Wednesday, March 6, 2013

book review: memoirs of an imaginary friend

“You have to be the bravest person in the world to go out every day, being yourself when no one likes who you are.” 

This book came into my life via a package in the mail from this fella in new york, and I can't really argue with getting a book in the mail now can I? Don't worry, no spoilers in this post!

Brief Book Summary:
This is a story about a boy named Max, told from the perspective of his imaginary friend, Budo. In Budo's world, he can see and interact with other kids' imaginary friends. Budo has been around much longer than most imaginary friends because Max is different than other kids. (It's pretty clear he is autistic or has asperger's, though I can't remember if the book actually comes right out and ever says it.) Ultimately, Budo has to choose between helping Max grow up (meaning Budo will disappear) or preserving his own existence.

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What I liked:
If you ever want insight into the brain of a child with autism, this is the book to read. It was fascinating to hear it all so simply put, mainly the things that would bother Max (e.g. physical affection, too many choices, unpredictability, etc.)  I feel like this book better equipped me to interact with autistic children in the future, and I love that. It also provided interesting observations into human habits in general, as the narrator (Budo) watched Max and the people around him from an objective perspective. It's a quick read, with a fast-moving plot line.

What I didn't like:
The plot line kind of took a turn to the thriller genre halfway through. It didn't ruin it, but I might have preferred it to stay a simple story about a boy with autism and his day-to-day life.

All in all:
I say read it. It's good for a quick weekend read if you have some time to kill on a a couple airplane rides, like I recently did. And like I said, I love the insight it provides into the mind of a child with autism.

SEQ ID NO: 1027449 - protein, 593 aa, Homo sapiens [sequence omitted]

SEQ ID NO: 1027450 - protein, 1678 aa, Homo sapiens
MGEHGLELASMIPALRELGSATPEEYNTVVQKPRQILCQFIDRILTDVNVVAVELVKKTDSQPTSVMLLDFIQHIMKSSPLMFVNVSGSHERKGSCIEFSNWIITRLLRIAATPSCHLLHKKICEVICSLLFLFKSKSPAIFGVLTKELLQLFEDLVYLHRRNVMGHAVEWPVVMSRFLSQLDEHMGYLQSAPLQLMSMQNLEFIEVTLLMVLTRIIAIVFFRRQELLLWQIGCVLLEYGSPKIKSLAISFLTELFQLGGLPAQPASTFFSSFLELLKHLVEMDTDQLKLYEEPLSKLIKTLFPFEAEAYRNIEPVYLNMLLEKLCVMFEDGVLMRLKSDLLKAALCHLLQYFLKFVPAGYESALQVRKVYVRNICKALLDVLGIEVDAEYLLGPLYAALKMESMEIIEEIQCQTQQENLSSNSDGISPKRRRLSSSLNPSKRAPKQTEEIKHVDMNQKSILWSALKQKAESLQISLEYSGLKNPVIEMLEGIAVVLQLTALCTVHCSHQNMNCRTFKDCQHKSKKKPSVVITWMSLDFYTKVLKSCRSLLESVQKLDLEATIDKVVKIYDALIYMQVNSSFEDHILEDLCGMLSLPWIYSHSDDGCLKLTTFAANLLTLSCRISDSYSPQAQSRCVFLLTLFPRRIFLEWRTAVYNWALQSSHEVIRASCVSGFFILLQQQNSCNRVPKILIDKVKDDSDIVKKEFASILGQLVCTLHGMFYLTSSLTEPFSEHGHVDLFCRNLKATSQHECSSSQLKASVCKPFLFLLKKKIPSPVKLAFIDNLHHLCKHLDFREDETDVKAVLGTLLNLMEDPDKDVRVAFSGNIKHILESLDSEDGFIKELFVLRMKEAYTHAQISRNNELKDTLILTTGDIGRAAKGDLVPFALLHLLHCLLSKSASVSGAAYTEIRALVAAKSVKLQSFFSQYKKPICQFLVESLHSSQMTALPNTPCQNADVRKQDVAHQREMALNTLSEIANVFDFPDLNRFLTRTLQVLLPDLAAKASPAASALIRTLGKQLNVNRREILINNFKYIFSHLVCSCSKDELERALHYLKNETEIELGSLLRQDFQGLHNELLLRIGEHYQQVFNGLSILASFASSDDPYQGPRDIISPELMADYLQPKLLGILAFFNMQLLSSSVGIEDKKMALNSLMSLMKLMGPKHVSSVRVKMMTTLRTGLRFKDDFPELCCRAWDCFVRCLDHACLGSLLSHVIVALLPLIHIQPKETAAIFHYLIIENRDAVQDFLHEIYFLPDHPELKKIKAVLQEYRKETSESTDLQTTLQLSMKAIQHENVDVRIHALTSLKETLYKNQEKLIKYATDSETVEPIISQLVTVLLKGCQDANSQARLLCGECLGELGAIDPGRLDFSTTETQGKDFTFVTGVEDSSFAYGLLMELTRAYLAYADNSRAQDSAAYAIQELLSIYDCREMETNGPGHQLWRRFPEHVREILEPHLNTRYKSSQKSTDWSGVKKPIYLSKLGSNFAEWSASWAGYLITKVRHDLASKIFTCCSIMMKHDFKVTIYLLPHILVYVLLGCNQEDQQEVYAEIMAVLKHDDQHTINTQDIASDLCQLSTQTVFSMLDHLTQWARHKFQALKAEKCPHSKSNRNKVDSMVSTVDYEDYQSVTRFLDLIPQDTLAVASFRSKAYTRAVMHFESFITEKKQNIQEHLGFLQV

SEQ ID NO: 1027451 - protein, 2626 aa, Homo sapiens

Have you read anything good lately?

12 comments:

Siri Natalia said...

That book looks really fascinating! I work with autistic students and I love reading books that give me a glimpse into how they think and what they feel. :)

Chantel said...

Love this! Thank you for posting. I'm always looking for a new, good book.

Sarah V. said...

This sounds like a great book! :) I'm currently reading "The Angel Experiment" by James Patterson...I've had two people recommend it to me, and seen tons of reviews, so I figured it was time I finally read it. ;) Thanks for visiting my blog!
Sarah xx

karajean said...

I don't know if you've ever seen the show Parenthood, but there is an a kid with Asperger's in the family and I find it so interesting to see how he interacts with those around him. I may have to look for this next time I'm at the library because I am currently struggling through a book that is truly terrible.

Brittany said...

I think I will need to check this out. I am just really interested in different people and behaviors so it sounds good. I love finding book recommendations :)

Sixth Tractate said...

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katilda said...

Amen! I want to read some other books about it.

katilda said...

I read more than I post. Now I feel compelled to write more book reviews!

katilda said...

I'm curious to hear about the angel book! Do tell? I'll go scout your blog for a review when you're done reading it :)

katilda said...

You know I haven't seen that show but I've heard great things! Doesn't it have the actress from Gilmore Girls??

katilda said...

Reading is such a great way to learn about the way other people think and act! Love it.

katilda said...

Thanks for stopping by!